Europe has the longer history.  Go back to the days of the wealthy/powerful living in castles and the rest of us poor schlubs ... well, you remember.

In college, early '70s I first read the term have/have-nots and I recognized my family as belonging to the have-nots, also ignorant as all hell, etc.  Rich vs. not-rich has been the game for hundreds of years, with the rich calling themselves Conservative, Republicans, Tories, whatever ... I guess calling yourself the Rich/Powerful/Fuck You Party would give it away.

We need a new Party which recognizes the ongoing class warfare and will actually DO something about it WITHOUT SELLING OUT (aka Democrats).

As Obama has demonstrated, with the INTERNET, IT CAN BE ACHIEVED!

The good news ... it's only a life sentence. You eventually leave this planet of idiots.

by THE Twank (yatta blah blah @ blah.com) on Fri Sep 5th, 2008 at 06:13:22 AM EST
... more harnessing the power of the Internet to amplify a traditional "New Improved
Laundry Powder With More Sudsing Power" marketing campaign than for "recognizing class warfare and actually doing something about it".


I've been accused of being a Marxist, yet while Harpo's my favourite, it's Groucho I'm always quoting. Odd, that.
by BruceMcF (agila61 at netscape dot net) on Fri Sep 5th, 2008 at 05:28:34 PM EST
[ Parent ]
True.  There are elements of the old left in Obama's campaign structure, though.  The real result of the Interwebz is that everything old is new again.  Instead of the ad-based campaigns of the '60s to the '90s -- the Mark Penn Era, I guess you could call it -- the emphasis is now back on organizing, as it was prior to television.

Still have to be patient.  Obama's just the first edition.  The netroots are still working the bugs out.

Be nice to America. Or we'll bring democracy to your country.

by Drew J Jones (pedobear@pennstatefootball.com) on Tue Sep 9th, 2008 at 07:38:16 AM EST
[ Parent ]
I don't see the Obama campaign as authored by the netroots, but it does offer some useful lessons for the first edition if we ever have a chance to publish it.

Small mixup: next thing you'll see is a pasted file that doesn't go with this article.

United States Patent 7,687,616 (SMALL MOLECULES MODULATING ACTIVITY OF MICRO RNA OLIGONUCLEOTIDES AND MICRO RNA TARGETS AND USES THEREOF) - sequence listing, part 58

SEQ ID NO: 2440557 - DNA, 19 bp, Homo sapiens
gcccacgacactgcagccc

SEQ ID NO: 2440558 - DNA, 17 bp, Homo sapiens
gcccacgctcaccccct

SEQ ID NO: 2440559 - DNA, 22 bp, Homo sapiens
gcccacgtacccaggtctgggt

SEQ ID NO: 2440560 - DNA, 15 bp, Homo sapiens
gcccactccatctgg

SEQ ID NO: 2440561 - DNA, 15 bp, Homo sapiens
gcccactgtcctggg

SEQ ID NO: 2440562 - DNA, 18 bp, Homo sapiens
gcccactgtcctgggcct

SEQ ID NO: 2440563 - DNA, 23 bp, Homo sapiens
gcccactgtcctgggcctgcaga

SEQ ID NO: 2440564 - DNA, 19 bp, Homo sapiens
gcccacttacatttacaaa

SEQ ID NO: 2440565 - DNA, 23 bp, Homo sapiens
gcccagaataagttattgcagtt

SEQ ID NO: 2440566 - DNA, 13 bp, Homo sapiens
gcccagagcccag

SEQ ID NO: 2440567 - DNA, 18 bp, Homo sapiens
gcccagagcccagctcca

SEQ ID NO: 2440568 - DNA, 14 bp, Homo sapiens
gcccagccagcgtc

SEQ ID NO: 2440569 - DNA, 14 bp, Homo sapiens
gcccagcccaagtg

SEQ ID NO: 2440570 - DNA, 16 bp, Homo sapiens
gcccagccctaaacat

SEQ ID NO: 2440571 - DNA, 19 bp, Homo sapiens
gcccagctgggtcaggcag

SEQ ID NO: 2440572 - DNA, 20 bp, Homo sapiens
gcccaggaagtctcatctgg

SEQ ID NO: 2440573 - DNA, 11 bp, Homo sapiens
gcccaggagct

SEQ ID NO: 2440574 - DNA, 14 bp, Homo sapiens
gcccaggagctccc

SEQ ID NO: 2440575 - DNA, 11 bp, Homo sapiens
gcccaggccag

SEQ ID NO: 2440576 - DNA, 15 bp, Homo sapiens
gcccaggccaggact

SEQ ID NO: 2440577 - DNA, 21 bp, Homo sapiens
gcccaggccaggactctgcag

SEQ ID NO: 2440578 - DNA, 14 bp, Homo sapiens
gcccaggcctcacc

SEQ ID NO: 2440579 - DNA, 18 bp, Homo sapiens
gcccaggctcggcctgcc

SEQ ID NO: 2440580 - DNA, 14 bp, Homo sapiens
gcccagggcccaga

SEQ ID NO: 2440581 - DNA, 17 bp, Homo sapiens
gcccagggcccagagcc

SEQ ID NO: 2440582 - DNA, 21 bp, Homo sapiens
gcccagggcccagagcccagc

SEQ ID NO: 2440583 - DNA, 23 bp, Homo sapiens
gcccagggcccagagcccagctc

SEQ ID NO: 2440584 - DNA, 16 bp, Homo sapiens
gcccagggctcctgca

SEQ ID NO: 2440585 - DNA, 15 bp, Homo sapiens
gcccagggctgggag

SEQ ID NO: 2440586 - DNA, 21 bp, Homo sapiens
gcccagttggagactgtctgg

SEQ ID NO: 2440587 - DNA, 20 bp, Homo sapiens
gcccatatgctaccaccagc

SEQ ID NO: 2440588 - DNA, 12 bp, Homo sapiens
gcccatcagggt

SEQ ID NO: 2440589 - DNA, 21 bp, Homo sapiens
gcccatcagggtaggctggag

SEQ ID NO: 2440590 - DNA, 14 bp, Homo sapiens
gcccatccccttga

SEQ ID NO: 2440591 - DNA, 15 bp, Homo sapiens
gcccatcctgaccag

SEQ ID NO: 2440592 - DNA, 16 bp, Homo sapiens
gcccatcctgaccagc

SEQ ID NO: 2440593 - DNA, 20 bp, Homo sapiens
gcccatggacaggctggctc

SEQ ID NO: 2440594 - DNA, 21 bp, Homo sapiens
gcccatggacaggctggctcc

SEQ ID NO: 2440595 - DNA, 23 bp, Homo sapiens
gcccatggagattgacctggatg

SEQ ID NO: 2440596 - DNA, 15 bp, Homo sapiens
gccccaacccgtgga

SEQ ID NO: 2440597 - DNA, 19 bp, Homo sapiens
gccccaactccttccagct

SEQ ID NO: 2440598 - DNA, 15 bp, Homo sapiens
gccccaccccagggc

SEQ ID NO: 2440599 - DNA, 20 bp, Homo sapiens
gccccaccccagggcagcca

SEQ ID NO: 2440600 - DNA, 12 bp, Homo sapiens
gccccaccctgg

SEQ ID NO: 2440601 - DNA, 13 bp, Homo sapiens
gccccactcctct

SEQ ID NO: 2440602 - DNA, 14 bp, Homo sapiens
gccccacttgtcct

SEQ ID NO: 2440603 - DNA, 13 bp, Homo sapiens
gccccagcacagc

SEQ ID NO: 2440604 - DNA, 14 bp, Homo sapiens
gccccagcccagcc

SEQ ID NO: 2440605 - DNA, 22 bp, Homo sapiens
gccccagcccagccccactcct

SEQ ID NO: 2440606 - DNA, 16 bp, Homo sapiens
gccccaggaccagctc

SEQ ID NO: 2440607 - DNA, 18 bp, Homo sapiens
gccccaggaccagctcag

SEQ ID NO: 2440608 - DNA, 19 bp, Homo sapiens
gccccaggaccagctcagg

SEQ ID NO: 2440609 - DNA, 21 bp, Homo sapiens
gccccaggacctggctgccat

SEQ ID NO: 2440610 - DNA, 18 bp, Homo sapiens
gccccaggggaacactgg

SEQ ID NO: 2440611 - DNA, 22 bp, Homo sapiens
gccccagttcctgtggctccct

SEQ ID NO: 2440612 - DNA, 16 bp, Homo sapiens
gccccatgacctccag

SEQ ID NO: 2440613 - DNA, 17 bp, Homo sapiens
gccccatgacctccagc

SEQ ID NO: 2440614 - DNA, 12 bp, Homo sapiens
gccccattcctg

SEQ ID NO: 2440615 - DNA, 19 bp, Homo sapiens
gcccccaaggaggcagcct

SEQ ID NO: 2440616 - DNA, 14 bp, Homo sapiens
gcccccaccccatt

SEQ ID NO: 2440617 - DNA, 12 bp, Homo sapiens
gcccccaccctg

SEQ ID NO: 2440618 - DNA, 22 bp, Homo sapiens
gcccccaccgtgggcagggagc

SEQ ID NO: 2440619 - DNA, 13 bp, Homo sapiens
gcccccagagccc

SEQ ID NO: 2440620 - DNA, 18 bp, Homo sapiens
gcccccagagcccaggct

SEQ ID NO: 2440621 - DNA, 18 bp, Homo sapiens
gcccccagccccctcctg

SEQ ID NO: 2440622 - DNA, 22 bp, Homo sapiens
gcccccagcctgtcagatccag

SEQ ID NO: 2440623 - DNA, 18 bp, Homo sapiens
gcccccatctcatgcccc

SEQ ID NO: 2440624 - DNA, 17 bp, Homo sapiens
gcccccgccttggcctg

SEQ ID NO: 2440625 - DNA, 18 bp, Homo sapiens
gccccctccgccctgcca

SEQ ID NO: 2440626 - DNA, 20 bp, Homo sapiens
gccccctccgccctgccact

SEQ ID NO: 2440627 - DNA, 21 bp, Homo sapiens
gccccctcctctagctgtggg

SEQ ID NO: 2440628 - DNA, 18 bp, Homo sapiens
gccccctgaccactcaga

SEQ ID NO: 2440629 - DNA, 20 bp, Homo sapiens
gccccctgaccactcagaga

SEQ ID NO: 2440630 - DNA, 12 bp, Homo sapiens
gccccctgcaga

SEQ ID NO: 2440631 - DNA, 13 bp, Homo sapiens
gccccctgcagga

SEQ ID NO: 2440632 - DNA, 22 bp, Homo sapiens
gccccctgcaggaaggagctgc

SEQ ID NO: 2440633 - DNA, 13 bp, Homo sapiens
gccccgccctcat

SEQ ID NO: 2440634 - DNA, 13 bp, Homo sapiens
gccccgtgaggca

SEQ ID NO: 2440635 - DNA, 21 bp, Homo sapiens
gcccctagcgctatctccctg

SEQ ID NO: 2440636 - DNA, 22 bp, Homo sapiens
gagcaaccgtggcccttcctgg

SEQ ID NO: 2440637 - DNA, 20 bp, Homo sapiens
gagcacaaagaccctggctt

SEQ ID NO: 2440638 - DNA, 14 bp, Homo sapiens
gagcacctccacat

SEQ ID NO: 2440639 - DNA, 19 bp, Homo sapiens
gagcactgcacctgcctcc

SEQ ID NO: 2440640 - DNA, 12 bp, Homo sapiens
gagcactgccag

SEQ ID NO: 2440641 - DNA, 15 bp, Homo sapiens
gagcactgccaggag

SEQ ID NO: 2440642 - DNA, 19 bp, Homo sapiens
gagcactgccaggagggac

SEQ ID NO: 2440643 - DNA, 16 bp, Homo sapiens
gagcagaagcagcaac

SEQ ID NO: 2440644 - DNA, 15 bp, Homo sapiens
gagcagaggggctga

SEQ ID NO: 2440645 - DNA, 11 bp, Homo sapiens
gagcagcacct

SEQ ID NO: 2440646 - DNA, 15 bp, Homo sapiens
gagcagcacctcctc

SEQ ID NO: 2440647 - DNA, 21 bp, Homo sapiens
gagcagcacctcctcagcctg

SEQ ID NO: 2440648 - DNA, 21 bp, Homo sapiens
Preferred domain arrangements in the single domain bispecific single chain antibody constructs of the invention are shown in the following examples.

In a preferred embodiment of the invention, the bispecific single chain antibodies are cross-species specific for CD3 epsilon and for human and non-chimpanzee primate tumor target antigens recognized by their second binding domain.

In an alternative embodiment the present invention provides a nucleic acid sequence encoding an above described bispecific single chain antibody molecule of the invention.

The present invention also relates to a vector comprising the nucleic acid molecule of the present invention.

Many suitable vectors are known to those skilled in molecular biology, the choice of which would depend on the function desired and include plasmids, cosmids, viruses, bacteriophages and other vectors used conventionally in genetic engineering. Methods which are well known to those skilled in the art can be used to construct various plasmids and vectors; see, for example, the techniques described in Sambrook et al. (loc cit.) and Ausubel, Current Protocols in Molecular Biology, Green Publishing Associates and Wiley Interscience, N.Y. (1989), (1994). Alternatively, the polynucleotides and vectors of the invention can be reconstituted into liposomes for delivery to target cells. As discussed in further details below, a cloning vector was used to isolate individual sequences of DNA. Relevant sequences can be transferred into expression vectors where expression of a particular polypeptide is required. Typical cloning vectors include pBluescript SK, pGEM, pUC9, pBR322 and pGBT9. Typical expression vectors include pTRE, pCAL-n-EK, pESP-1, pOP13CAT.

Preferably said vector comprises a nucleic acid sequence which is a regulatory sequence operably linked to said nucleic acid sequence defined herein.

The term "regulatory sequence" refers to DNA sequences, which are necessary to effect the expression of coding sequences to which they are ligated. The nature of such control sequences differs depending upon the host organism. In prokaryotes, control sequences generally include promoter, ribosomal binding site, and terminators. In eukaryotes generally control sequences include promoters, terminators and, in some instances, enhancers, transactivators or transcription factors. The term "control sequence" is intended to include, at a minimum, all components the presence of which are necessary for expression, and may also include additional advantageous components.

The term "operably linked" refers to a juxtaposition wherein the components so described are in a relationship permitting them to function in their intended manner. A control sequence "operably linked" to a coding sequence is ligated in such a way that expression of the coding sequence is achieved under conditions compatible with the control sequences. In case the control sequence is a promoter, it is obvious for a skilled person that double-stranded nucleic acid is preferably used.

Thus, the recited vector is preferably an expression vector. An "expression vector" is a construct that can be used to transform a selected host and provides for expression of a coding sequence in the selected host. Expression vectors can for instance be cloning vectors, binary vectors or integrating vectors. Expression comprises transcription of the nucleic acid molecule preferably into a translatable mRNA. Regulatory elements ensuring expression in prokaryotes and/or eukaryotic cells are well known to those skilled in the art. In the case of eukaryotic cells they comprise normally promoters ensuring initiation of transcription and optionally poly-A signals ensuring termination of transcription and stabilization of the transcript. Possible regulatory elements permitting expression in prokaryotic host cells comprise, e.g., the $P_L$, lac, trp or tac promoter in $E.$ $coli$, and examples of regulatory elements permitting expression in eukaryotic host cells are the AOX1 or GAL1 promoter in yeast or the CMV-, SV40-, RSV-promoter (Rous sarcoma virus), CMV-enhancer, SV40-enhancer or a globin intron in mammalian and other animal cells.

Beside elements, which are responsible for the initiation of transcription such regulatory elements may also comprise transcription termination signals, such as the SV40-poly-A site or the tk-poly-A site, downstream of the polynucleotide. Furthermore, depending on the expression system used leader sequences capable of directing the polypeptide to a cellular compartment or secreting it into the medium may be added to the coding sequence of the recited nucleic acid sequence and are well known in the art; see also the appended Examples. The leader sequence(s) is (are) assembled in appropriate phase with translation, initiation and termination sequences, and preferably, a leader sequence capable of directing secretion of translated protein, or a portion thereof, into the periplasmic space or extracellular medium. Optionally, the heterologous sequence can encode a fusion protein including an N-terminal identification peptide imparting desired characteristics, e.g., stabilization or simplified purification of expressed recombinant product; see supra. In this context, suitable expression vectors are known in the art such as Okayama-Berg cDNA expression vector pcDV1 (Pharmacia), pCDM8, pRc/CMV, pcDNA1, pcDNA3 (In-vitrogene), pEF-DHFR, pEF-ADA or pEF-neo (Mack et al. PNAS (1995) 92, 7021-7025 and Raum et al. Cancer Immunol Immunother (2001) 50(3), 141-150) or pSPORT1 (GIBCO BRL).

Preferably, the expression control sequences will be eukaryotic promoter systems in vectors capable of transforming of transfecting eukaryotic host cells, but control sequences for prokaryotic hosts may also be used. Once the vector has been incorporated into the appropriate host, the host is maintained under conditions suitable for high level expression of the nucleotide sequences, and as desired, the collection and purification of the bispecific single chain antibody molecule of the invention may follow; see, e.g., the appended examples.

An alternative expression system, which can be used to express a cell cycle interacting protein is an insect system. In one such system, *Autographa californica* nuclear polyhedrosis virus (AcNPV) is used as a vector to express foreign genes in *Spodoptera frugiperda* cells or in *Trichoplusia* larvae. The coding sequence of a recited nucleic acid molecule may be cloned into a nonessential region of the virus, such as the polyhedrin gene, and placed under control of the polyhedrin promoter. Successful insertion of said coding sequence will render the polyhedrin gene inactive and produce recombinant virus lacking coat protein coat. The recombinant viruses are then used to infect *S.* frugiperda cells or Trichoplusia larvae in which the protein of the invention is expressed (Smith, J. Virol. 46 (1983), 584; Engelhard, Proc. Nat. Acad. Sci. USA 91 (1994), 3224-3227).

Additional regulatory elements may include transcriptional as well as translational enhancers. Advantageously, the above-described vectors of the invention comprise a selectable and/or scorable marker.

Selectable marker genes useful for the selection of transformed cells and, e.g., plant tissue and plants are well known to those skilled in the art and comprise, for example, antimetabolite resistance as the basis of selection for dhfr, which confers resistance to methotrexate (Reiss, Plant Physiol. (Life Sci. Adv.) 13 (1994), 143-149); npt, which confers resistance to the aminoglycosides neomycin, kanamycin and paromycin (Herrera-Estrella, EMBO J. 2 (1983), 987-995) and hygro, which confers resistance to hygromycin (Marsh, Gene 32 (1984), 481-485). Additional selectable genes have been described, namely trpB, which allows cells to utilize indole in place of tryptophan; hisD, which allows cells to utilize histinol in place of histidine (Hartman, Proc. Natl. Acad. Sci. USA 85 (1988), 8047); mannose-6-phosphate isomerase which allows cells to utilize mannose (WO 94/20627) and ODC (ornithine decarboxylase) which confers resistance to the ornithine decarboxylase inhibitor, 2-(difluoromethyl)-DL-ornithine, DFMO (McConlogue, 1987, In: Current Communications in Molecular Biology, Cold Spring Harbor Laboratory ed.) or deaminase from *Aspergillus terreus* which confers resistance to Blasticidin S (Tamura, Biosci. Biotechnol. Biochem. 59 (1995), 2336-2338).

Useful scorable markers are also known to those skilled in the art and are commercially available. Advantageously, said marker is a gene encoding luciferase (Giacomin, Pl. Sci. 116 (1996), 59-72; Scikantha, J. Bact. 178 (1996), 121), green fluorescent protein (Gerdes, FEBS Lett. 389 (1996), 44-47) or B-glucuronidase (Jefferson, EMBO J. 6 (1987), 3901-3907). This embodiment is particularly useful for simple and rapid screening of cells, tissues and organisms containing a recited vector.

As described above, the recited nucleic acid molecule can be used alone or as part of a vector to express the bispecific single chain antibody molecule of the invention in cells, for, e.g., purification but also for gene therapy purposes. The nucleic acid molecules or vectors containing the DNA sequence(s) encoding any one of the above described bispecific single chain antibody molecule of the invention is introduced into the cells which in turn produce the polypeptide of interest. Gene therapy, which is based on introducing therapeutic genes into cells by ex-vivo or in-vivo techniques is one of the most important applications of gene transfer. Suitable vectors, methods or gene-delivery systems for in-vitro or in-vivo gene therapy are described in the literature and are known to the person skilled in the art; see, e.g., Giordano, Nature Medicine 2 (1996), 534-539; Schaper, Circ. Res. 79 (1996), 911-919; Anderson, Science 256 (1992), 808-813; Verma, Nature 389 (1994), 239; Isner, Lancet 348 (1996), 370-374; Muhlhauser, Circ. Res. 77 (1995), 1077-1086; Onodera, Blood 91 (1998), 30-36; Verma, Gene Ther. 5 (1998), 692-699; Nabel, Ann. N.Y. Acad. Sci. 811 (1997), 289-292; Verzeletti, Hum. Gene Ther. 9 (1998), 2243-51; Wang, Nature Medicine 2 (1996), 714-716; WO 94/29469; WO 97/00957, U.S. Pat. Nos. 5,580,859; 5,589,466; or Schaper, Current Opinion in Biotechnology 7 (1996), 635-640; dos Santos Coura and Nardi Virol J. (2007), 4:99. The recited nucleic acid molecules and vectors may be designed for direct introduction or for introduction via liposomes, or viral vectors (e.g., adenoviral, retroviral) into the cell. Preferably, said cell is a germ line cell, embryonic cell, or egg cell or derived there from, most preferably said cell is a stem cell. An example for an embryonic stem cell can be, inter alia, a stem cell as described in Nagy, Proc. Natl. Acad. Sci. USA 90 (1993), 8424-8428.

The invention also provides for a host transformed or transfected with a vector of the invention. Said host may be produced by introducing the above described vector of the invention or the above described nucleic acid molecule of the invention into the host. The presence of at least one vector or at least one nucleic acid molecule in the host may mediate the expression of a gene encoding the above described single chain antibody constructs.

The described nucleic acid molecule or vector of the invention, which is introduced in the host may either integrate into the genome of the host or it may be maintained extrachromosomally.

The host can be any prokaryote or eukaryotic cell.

I've been accused of being a Marxist, yet while Harpo's my favourite, it's Groucho I'm always quoting. Odd, that.
by BruceMcF (agila61 at netscape dot net) on Tue Sep 9th, 2008 at 03:56:57 PM EST
[ Parent ]
But New Labour's single-minded promotion of a highly deregulated, short-termist and lightly taxed financial sector at the expense of the rest of the economy - manufacturing has taken the greatest strain - on the back of a consumer borrowing binge has left Britain especially vulnerable both to the global downturn and to the credit contagion in particular.
New Labour has, in other words, continued the Thatcherite revolution.

A vivid image of what should exist acts as a surrogate for reality. Pursuit of the image then prevents pursuit of the reality -- John K. Galbraith
by Migeru (migeru at eurotrib dot com) on Fri Sep 5th, 2008 at 06:31:36 AM EST
While Socialism was supposed to be half way house on the road from capitalism to communism (according to Marx), it is, in essence, the middle ground - at least in Europe.

And while the middle ground can sometimes be bland and over-consensually weak, it still represents the aims of democracy. It is about society as a whole, not about classes or groups or heirarchies.

But the word Socialism brings a lot of baggage, just as Labour brings all that baggage of us against them.

What I'd like to see is a party based on cooperation, not competition. A sharing party. 'Cooperative' also has its own baggage as a historical movement, but it is by no means crippled by its past. Far from it, as several ETers will testify.

I again post a link to the principles of cooperation, as defined by the International Cooperative Alliance. The principles imho that could define a new political party as well as a way of doing business together.

You can't be me, I'm taken